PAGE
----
|System: Wii, PS2||Review Rating Legend|
|Dev: Sting||1.0 - 1.9 = Avoid||4.0 - 4.4 = Great|
|Pub: Atlus||2.0 - 2.4 = Poor||4.5 - 4.9 = Must Buy|
|Release: Oct. 14, 2008||2.5 - 2.9 = Average||5.0 = The Best|
|Players: 1-4||3.0 - 3.4 = Fair|
|ESRB Rating: Everyone 10+||3.5 - 3.9 = Good|
by Amanda L. Kondolojy
Normally, when you think of party games, the first thing that probably comes to your mind is a recent iteration of Mario Party. And when you think of RPGs, chances are good that you'll probably think of your favorite Final Fantasy title. These two genres couldn't be more different, but they have recently been combined in mash-up title, Dokapon Kingdom.
The game's premise revolves around an epic monster invasion of the Kingdom of Dokapon. These monsters are very sinister and end up stealing all the money from the hapless citizens of Dokapon. In a panic, the king of Dokapon hurriedly summons brave knights from around the world and offers up his own thrown (as well as his daughter's hand in marriage) to anyone who can save the Kingdom from physical and financial ruin. This is where you come in.
The game works like a traditional party game by letting you create a character and guiding them through a game-board filled with activities and events. This is where the RPG portion of the game kicks in. You will spin a virtual spinner to move around and will encounter enemies who you will have to fight using turn-based combat. As you progress, you will be able to level up your character and outfit them with new accessories, weapons, and attacks. The leveling up system is quite deep, and every time you play, the experience will be different.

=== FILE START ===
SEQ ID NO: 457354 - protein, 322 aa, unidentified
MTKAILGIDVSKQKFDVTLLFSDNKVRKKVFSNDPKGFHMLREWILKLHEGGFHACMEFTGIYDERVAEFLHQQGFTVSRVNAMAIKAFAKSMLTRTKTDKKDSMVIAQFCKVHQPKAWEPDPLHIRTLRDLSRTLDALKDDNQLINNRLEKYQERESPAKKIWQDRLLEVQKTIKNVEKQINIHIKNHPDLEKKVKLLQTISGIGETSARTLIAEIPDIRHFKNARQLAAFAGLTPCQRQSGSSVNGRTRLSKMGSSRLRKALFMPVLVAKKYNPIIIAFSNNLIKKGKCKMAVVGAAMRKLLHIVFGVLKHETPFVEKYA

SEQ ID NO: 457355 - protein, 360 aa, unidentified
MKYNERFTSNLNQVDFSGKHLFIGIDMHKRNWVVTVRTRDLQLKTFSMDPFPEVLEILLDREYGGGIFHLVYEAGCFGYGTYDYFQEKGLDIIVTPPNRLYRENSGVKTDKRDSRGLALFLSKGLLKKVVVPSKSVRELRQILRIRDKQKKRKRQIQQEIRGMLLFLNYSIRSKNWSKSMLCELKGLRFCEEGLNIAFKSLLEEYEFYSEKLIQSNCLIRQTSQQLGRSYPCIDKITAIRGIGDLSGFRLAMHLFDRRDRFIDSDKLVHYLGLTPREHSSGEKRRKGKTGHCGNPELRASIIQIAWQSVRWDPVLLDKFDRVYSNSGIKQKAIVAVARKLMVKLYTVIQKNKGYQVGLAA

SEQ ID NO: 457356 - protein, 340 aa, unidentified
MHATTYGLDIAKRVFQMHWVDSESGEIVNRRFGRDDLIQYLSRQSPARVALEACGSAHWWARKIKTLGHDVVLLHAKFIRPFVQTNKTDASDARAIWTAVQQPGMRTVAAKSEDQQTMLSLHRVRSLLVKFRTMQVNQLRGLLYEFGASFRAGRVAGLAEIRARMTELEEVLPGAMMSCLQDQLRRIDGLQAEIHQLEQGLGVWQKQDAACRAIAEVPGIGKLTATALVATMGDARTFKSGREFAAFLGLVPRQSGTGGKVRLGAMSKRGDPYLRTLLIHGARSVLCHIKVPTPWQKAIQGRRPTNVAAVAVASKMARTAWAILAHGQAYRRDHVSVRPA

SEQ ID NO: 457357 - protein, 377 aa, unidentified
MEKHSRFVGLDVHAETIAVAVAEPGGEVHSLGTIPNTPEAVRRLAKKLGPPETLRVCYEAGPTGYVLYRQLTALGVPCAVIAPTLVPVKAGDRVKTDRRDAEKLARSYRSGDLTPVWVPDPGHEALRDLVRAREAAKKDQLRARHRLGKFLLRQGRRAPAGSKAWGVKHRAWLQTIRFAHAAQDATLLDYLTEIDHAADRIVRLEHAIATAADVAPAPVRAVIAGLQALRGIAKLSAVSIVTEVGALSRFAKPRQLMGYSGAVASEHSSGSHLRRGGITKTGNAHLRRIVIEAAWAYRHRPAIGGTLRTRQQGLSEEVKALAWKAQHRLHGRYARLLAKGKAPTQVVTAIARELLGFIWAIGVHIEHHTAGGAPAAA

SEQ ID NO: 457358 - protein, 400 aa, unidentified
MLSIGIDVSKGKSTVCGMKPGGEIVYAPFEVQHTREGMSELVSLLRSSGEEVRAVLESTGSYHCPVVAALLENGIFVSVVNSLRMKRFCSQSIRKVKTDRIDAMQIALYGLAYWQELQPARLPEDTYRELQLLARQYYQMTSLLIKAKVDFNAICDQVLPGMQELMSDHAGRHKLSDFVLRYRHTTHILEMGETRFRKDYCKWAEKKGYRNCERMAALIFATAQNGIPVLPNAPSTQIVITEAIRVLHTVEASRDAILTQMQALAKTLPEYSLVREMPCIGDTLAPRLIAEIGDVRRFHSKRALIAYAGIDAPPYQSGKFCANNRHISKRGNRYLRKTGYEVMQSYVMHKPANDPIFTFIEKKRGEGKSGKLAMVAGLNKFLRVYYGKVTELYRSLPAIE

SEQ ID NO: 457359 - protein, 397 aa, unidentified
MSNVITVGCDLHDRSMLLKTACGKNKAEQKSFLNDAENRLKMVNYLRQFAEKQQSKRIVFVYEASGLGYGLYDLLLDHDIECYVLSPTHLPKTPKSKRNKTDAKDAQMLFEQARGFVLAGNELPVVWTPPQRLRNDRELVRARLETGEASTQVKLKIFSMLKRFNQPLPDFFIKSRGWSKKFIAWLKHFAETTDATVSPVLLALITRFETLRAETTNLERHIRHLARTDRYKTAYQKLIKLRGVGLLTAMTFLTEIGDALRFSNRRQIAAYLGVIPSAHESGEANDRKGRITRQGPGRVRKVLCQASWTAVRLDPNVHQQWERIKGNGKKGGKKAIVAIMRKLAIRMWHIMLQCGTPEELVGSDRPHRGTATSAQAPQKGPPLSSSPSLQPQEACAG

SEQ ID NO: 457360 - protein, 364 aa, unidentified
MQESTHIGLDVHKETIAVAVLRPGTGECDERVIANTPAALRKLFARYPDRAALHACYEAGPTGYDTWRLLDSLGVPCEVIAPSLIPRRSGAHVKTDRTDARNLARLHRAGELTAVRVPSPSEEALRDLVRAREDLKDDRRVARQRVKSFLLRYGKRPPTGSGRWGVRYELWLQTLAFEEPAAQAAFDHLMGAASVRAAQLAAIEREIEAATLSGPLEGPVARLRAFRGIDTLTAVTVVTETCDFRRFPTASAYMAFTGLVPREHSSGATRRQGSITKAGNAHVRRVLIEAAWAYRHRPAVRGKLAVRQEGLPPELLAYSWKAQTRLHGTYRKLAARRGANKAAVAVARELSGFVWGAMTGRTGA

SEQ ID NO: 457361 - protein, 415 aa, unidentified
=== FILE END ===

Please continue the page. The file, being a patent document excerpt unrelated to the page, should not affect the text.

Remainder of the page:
There are two main battle types in the game. Encounter battles take place when your character stumbles upon a blank space on the game board. These encounter battles are generally very easy and will only consist of a single turn, where one hit will KO your attacker. The other type of battle is a village boss battle, where you fight the main villain in one of the many little villages on the board. Battles against these monsters will take several turns and will generally require you to level up around the board before attempting them. This battle system is quite fun, and the different encounter battles combined with the big battles give some real RPG authenticity to the game.
However, despite the deep facets of the gameplay and the enjoyable battle system, this title is not without its problems. One huge issue I had with this title was its round length. Party games, by their very nature, are pick-up-and-play affairs, and a singular round should not take more than an hour. But with Dokapon Kingdom, party rounds can drag on for several hours. Although it is possible to save your game and exit after every couple turns, I can't imagine inviting friends over for a "continue" party. The game's length really makes it impossible to play at simple get-togethers, which completely negates its party-game appeal.
Another thing that was really frustrating about this title was the poor handicap system. It is very easy for a single character to rocket so far ahead of other characters that it is impossible to catch up. Because the game's progress is not specifically goal oriented, and progress is judged by money, if you are able to hit two or three monster hotspots in a row, it is very easy for a singular character to be able to take virtually all the money in the stage, especially since the monsters disappear once vanquished. The game will eventually afford unfortunate players some "evil" handicaps as they fall behind, but this generally kicks in after there is just no hope. And considering the extremely long round length, it is much easier for losing players to quit after 2 or 3 unfortunate turns rather than stick it out waiting for something to happen.
The visuals in this title are fairly good, however the game has an overwhelmingly simplistic design. For example, when you trigger a battle sequence there are no fancy animations or cool graphics, you'll just appear on a nondescript battle stage and battle it our with some simplistic attack animations. To its credit, the game does look happy and bright, and the different characters certainly are cute, but there is just not enough detail to make this game look great.